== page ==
It’s important to understand that you cannot expect to see results if you only save money for a short period of time before returning to your old financial habits. Getting financially fit takes time and discipline — and it’s not always easy. But in order to see real results, you will need to stick to your new and improved habits.

One of your healthy habits should include setting a budget. You may not want a budget, but to really see your money grow, setting up a budget is an essential step on your journey to financial wellness. Don’t forget to follow the “money in, money out” rule. If you save more money than you are spending, then your savings is bound to grow.

Be realistic when you’re setting up a budget. For instance, if you know that you’re a person that likes to eat out several times a week and it’s something that you’re not willing to budge on, make sure that you allocate money for eating out in your budget. Sticking to a budget will get you closer to achieving your long-term goals whether it’s paying off your mortgage, getting out of credit card debt, or saving up for that new car. Find more information on how to create a budget here.


Tip #3: Automate What’s Important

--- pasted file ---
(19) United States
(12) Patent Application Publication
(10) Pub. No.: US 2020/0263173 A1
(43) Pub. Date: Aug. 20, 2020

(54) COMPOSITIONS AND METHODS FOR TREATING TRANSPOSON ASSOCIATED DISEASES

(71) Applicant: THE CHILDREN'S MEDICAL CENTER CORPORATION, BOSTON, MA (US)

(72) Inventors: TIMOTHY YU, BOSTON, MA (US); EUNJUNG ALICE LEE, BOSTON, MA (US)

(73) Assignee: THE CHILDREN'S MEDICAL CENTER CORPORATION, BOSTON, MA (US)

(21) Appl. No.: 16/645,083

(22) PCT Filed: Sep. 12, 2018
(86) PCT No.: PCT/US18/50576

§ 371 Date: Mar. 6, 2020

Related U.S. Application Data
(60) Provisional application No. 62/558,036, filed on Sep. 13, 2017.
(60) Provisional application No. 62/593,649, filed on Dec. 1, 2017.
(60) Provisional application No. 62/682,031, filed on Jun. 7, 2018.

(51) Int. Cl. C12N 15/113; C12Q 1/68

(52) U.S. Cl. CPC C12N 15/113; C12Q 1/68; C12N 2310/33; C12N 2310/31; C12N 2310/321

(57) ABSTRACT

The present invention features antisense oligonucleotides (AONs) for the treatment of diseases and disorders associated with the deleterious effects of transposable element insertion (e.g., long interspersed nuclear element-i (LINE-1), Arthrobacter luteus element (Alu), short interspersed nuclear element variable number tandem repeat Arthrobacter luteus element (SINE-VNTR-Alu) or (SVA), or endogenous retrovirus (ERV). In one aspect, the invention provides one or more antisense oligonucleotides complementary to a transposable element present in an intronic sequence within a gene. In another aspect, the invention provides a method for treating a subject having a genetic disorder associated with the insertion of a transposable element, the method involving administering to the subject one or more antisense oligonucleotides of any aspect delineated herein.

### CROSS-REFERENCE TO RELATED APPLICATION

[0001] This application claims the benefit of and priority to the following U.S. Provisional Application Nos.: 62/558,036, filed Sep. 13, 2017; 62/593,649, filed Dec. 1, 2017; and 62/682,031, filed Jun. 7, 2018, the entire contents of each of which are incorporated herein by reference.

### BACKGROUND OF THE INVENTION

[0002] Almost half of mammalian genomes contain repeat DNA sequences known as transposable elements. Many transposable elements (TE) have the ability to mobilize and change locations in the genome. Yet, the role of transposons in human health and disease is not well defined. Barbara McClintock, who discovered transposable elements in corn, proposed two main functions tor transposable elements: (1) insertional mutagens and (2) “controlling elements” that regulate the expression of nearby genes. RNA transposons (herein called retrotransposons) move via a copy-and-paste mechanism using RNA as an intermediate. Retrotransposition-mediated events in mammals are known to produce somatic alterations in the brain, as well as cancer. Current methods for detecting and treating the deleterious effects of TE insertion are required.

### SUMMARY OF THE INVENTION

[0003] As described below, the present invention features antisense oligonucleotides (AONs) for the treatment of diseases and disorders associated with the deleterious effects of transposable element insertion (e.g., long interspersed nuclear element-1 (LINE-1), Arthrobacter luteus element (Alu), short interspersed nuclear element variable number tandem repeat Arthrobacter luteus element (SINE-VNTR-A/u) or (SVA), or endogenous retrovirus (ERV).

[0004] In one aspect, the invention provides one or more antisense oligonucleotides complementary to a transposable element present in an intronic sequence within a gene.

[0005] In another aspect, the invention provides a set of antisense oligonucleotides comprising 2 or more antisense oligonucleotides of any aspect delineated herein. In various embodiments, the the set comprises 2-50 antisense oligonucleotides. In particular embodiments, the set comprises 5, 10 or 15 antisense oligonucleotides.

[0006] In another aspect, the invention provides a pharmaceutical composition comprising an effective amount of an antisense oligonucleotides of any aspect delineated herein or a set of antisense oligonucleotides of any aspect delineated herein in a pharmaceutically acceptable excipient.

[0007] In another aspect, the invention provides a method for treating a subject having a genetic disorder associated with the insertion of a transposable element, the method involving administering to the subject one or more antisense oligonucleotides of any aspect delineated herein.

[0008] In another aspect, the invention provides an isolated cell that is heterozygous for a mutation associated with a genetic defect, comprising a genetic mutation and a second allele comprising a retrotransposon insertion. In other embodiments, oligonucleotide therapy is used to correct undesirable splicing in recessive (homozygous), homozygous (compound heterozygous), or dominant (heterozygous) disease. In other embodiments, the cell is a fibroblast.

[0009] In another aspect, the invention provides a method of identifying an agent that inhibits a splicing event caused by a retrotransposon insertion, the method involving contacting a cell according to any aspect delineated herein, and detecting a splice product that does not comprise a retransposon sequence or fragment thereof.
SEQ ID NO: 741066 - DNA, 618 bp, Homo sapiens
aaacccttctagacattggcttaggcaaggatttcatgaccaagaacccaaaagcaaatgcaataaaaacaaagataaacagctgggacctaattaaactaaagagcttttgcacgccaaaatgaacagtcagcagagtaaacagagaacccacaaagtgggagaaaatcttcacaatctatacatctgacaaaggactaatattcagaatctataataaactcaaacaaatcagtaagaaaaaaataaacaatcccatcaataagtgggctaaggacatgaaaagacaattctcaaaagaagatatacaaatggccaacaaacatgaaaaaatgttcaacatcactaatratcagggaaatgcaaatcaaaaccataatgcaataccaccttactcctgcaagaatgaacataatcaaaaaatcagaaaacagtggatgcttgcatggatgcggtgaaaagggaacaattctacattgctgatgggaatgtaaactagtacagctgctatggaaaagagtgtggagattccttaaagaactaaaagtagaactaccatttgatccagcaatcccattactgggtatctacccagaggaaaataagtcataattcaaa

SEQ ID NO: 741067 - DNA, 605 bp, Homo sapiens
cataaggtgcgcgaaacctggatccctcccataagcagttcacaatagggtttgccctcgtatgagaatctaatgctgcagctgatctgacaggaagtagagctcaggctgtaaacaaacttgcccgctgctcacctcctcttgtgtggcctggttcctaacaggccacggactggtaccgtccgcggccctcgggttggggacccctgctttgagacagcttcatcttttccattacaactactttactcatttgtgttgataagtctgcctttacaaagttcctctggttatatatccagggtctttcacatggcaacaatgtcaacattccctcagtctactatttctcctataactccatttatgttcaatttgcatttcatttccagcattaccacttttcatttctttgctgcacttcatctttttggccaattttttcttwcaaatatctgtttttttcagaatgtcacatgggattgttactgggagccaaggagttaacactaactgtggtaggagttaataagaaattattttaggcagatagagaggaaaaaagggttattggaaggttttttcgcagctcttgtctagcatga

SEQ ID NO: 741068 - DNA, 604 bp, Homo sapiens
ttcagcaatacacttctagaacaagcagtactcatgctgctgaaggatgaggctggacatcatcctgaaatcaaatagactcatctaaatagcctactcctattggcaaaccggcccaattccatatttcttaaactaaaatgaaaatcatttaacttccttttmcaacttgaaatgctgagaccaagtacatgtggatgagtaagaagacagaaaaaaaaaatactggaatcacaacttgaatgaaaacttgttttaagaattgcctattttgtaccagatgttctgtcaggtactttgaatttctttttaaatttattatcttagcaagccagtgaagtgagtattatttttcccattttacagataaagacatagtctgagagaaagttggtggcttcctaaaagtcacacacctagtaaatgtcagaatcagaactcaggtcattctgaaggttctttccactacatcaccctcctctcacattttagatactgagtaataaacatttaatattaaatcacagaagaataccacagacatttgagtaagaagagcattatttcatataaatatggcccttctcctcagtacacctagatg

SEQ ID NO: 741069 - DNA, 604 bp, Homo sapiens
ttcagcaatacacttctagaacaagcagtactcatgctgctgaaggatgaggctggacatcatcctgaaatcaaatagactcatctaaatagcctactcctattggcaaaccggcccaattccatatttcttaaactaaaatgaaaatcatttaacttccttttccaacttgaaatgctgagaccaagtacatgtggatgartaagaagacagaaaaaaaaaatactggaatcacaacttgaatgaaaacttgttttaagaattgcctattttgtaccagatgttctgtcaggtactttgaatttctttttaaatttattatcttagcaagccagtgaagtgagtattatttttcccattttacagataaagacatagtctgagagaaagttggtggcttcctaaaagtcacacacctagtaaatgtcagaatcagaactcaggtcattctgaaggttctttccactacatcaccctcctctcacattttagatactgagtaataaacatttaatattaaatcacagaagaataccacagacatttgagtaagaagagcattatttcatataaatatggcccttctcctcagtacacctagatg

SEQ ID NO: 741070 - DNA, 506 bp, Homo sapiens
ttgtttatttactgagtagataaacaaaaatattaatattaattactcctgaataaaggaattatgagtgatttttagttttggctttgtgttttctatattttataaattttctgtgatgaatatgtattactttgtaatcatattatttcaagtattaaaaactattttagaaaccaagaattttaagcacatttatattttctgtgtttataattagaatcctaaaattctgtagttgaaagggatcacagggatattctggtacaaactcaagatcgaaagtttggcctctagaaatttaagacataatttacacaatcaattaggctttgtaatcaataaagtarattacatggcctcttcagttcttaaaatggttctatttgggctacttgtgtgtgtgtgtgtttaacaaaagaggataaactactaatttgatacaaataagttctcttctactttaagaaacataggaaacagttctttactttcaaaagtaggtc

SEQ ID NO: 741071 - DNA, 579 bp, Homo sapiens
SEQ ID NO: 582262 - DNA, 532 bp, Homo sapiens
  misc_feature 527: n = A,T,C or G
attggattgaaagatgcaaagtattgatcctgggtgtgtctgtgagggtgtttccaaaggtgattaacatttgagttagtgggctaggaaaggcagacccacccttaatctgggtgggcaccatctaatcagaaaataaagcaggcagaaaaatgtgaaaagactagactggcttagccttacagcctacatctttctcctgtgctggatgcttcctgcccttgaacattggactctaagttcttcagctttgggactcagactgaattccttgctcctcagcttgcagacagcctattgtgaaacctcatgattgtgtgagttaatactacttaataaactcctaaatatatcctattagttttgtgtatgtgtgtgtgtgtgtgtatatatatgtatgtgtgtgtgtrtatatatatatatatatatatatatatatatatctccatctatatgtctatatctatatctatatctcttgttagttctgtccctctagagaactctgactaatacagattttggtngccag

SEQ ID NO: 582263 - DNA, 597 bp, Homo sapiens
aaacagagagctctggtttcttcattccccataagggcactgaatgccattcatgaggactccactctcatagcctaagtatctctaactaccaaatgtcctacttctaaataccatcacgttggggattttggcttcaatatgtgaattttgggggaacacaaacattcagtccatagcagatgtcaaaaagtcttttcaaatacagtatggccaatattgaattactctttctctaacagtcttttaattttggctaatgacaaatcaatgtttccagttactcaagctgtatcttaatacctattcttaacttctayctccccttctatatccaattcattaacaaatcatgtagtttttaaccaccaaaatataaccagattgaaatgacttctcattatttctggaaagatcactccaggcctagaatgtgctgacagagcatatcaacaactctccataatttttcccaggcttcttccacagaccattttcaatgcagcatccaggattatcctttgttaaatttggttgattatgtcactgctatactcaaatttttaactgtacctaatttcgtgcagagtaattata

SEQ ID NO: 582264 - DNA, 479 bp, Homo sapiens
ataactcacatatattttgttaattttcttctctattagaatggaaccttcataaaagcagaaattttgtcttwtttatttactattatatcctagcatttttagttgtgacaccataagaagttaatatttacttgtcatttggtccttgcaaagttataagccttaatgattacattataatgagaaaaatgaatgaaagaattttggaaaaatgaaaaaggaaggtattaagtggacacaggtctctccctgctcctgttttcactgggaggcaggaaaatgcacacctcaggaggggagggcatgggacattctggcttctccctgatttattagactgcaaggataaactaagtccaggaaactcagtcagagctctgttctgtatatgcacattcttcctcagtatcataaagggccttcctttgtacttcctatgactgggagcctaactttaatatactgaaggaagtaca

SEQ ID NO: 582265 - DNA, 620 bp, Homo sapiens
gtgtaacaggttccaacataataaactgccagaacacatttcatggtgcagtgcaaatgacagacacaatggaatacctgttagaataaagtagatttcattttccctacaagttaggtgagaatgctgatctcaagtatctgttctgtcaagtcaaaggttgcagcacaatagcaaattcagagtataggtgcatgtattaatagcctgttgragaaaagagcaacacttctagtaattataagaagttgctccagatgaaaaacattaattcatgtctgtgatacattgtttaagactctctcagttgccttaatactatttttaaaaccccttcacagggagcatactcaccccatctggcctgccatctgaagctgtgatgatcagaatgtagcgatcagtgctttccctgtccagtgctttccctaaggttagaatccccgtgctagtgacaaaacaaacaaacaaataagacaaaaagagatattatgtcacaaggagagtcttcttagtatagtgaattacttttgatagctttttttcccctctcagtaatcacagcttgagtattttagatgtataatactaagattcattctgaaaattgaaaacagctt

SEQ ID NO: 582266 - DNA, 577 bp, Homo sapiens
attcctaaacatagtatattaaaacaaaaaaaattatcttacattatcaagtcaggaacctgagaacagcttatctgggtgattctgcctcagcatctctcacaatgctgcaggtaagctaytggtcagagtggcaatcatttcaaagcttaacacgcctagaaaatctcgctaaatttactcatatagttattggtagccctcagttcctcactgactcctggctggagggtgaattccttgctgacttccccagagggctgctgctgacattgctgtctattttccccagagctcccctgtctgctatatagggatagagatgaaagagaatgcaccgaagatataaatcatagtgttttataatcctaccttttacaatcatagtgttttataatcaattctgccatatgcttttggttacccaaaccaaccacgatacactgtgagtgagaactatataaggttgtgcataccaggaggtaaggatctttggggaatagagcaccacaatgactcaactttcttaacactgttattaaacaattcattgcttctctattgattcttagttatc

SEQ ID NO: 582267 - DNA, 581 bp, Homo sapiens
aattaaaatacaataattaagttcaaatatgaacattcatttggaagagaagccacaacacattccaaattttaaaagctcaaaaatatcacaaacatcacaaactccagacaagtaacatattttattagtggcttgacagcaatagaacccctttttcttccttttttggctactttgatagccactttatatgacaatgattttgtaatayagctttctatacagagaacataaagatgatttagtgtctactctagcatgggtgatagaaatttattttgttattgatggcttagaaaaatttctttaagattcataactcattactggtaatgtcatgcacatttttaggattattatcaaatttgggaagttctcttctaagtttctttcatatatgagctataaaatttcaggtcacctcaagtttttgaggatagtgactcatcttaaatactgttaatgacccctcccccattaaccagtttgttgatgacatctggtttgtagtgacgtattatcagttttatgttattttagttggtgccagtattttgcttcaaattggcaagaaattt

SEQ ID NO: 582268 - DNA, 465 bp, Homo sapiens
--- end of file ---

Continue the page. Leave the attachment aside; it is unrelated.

It’s no secret that we live in an increasingly digital world, relying on notifications and calendar alerts that remind us to do everything from brushing our teeth to reminders for birthdays and doctors’ appointments. Consider automating what’s most important to you in relation to your financial goals. Take the responsibility of saving off your shoulders and set it up to happen automatically. Automating basic tasks like paying reoccurring bills or periodically transferring money from your checking account into your savings account are great ways to invest in your future self.

Set it and forget it. With online banking, you can set up your reoccurring monthly bills like internet and electric to automatically get paid on the same day each month using the BillPay widget. Automating payments is a game changer because you don’t have to think about it any longer and possibly drop the ball on your bills creating additional expenses with late fees. Making your monthly car or house payments on time will positively impact your credit score, which opens you up to more financial opportunities.

We encourage you to look into other automated tools like our RollUp Savings account which contributes to your savings with each purchase without having to think twice. In addition, consider scheduling automatic transfers which puts you on a schedule to transfer money into your savings account from another eligible account such as your checking account.

Like we said before, managing your money isn’t a marathon, and it sure isn’t a sprint. These things take time. Don’t be afraid to ask for help. Whether that is asking for a lower interest rate, forgiveness on making a late payment, or to lower you cable or internet bill. Don’t be afraid to take control of your finances and develop a financially fit mindset. You’ll be thankful you did.


If you’re looking for more ways to get responsible with your money, feel free to stop by any of our branch locations to learn about our financial counseling program. Or, check out more articles in our free, online Alltru Learning Center for additional financial resources.